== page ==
Objective: Studies suggest superior outcomes with use of intravenous (IV) balanced fluids compared to normal saline (NS). However, significant fluid prescribing variability persists, highlighting the knowledge-to-practice gap. We sought to identify contributors to prescribing variation and utilize a clinical decision support system (CDSS) to increase institutional balanced fluid prescribing.
Materials and methods: This single-center informatics-enabled quality improvement initiative for patients hospitalized or treated in the emergency department included stepwise interventions of 1) identification of design factors within the computerized provider order entry (CPOE) of our electronic health record (EHR) that contribute to preferential NS ordering, 2) clinician education, 3) fluid stocking modifications, 4) re-design and implementation of a CDSS-integrated IV fluid ordering panel, and 5) comparison of fluid prescribing before and after the intervention. EHR-derived prescribing data was analyzed via single interrupted time series.
Results: Pre-intervention (3/2019-9/2019), balanced fluids comprised 33% of isotonic fluid orders, with gradual uptake (1.4%/month) of balanced fluid prescribing. Clinician education (10/2019-2/2020) yielded a modest (4.4%/month, 95% CI 1.6-7.2, p = 0.01) proportional increase in balanced fluid prescribing, while CPOE redesign (3/2020) yielded an immediate (20.7%, 95% CI 17.7-23.6, p < 0.0001) and sustained increase (72% of fluid orders in 12/2020). The intervention proved most effective among those with lower baseline balanced fluids utilization, including emergency medicine (57% increase, 95% CI 0.7-1.8, p < 0.0001) and internal medicine/subspecialties (18% increase, 95% CI 14.4-21.3, p < 0.0001) clinicians and substantially reduced institutional prescribing variation.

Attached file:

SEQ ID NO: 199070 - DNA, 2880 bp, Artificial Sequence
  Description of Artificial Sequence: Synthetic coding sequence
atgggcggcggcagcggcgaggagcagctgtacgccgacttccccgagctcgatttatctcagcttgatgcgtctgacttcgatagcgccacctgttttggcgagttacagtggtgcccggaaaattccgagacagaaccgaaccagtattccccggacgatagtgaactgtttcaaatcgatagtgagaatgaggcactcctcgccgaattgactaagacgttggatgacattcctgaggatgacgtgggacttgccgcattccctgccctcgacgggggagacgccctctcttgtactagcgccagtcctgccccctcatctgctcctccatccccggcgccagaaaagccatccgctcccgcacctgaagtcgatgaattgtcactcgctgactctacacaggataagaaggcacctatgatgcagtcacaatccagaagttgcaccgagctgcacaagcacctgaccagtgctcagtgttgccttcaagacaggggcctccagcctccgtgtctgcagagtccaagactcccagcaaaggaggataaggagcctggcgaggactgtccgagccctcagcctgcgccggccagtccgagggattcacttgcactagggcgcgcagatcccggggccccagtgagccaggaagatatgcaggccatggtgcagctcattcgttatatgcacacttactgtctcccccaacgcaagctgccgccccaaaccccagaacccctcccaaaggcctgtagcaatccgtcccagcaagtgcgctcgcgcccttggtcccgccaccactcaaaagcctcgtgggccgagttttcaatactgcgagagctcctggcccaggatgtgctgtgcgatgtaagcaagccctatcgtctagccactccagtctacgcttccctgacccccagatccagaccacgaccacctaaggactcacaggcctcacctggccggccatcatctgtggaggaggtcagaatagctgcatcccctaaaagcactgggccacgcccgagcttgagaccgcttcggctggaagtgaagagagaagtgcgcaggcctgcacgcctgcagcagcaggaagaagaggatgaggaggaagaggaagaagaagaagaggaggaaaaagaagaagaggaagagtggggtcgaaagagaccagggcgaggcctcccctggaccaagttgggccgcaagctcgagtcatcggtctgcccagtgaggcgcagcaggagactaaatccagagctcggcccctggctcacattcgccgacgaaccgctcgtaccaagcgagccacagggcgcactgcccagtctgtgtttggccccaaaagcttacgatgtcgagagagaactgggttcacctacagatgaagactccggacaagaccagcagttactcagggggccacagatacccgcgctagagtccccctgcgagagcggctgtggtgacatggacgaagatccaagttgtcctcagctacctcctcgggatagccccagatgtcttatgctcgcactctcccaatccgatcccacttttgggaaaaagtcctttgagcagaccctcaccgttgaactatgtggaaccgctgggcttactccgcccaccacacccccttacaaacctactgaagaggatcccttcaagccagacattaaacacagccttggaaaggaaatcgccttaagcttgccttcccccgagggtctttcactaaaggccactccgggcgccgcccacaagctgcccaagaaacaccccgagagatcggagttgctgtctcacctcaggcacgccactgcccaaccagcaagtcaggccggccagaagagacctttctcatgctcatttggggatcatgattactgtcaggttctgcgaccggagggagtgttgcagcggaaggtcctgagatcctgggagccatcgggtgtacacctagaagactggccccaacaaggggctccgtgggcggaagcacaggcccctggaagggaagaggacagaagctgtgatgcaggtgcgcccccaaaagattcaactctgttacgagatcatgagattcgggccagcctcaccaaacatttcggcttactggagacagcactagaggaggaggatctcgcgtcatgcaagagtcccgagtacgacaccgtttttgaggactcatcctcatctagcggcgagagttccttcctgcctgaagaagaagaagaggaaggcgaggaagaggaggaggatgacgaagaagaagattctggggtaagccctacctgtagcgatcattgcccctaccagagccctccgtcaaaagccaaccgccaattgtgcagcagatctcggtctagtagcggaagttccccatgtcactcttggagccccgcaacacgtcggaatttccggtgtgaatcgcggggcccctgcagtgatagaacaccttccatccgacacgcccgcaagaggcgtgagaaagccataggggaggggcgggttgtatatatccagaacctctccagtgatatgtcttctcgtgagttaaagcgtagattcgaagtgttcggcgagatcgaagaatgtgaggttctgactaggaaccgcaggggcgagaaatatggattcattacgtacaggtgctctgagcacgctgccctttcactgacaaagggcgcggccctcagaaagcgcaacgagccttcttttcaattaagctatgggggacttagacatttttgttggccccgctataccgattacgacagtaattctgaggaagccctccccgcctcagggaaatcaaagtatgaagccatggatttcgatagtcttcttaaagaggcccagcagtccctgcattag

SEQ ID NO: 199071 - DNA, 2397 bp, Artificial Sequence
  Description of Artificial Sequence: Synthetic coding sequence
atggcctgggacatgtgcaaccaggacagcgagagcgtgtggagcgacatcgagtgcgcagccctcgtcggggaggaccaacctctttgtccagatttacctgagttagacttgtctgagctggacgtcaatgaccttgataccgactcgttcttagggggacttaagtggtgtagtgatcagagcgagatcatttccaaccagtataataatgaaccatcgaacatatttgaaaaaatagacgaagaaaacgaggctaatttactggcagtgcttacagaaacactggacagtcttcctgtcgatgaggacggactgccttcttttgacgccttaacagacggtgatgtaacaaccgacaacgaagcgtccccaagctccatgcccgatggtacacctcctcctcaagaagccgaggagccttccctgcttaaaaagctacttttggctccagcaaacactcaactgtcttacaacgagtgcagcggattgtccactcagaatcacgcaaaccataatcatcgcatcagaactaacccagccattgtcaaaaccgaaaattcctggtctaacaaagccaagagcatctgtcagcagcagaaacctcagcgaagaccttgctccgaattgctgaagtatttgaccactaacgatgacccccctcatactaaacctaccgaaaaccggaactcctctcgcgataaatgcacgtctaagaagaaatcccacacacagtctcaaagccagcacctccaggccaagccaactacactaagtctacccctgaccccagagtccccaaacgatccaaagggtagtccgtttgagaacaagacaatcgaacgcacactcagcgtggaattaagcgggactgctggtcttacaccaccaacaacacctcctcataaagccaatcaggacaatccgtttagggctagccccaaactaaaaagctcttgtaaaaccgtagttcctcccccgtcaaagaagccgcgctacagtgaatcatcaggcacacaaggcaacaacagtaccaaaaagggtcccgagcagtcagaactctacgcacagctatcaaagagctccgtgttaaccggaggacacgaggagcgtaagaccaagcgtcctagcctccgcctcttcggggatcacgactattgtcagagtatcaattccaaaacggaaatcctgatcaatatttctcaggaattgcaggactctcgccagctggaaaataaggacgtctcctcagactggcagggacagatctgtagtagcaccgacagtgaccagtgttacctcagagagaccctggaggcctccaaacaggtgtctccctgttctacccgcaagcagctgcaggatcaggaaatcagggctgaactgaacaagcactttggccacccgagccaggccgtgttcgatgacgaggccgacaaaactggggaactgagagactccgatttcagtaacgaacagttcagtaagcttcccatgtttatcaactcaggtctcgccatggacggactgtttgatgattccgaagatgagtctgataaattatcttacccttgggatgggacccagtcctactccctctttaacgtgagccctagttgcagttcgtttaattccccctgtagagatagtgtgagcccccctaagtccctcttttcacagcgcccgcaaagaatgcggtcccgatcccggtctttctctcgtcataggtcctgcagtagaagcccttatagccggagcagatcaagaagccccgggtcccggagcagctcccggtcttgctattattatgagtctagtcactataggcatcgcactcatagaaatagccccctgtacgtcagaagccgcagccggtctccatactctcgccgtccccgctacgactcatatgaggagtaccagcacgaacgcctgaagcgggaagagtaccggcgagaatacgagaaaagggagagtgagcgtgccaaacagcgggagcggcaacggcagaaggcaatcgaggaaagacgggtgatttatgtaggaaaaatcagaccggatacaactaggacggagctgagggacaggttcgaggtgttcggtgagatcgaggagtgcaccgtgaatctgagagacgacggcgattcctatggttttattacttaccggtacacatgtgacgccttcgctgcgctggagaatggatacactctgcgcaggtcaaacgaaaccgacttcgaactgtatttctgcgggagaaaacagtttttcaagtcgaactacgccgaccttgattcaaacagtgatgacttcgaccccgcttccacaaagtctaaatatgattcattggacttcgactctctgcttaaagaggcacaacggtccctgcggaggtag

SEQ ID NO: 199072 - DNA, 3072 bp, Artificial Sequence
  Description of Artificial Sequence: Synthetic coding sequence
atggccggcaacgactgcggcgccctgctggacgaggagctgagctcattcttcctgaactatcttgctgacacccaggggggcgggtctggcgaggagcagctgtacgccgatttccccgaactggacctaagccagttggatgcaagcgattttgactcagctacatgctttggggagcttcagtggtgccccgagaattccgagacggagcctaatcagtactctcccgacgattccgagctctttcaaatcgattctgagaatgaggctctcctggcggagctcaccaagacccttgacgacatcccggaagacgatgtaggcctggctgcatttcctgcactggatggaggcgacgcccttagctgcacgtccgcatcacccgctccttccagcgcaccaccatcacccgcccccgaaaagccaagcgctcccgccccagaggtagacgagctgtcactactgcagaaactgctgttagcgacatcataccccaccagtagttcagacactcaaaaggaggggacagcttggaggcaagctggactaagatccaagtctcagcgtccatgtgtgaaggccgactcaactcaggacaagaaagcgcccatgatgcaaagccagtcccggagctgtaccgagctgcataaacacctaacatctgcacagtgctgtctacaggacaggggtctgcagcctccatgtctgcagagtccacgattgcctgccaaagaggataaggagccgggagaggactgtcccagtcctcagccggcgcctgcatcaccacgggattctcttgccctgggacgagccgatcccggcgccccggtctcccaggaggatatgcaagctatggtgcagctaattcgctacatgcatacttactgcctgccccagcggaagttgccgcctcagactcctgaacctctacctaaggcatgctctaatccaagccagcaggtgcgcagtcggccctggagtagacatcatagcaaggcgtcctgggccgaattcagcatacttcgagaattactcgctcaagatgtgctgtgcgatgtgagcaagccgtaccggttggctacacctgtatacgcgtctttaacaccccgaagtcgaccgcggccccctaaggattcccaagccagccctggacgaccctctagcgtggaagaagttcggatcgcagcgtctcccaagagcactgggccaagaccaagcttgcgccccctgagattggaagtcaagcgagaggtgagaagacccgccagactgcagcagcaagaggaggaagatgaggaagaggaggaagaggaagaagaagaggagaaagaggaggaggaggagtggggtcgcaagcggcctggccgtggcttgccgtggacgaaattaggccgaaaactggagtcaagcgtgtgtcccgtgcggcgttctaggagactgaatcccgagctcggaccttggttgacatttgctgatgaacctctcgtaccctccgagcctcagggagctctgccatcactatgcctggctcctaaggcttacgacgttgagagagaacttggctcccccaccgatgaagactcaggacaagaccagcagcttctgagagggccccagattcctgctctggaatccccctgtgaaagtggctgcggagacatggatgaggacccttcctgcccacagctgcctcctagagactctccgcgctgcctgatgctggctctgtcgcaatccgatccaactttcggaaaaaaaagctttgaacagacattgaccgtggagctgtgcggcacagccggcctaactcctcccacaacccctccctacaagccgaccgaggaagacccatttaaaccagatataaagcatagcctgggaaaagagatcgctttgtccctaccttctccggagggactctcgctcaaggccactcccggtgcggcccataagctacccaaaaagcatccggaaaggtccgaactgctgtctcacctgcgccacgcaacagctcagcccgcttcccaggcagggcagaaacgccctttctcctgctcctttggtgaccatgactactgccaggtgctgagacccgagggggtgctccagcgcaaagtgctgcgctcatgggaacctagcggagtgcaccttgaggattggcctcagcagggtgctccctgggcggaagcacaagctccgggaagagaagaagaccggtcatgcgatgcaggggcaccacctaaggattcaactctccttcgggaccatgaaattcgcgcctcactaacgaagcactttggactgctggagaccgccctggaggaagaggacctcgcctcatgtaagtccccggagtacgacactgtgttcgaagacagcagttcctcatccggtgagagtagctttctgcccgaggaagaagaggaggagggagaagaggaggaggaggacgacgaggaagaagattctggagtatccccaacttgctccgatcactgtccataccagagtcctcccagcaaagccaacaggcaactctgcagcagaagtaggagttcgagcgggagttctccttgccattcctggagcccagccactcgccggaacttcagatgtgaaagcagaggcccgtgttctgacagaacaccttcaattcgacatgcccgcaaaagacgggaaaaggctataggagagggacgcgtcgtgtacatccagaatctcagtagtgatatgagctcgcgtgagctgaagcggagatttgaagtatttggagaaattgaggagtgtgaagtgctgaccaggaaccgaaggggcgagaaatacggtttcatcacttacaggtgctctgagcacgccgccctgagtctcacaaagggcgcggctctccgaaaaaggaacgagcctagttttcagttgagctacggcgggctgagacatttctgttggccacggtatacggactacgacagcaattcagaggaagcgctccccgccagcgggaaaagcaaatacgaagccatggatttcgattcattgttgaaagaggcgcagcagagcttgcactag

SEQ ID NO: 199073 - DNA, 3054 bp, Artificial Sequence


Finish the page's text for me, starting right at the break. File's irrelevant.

Conclusion: Integration of CDSS into an EHR yielded a robust and sustained increase in balanced fluid prescribing. This impact far exceeded that of clinician education highlighting the importance of CDSS.
Keywords: Decision support systems, clinical; Implementation science; Medical informatics; Quality improvement.
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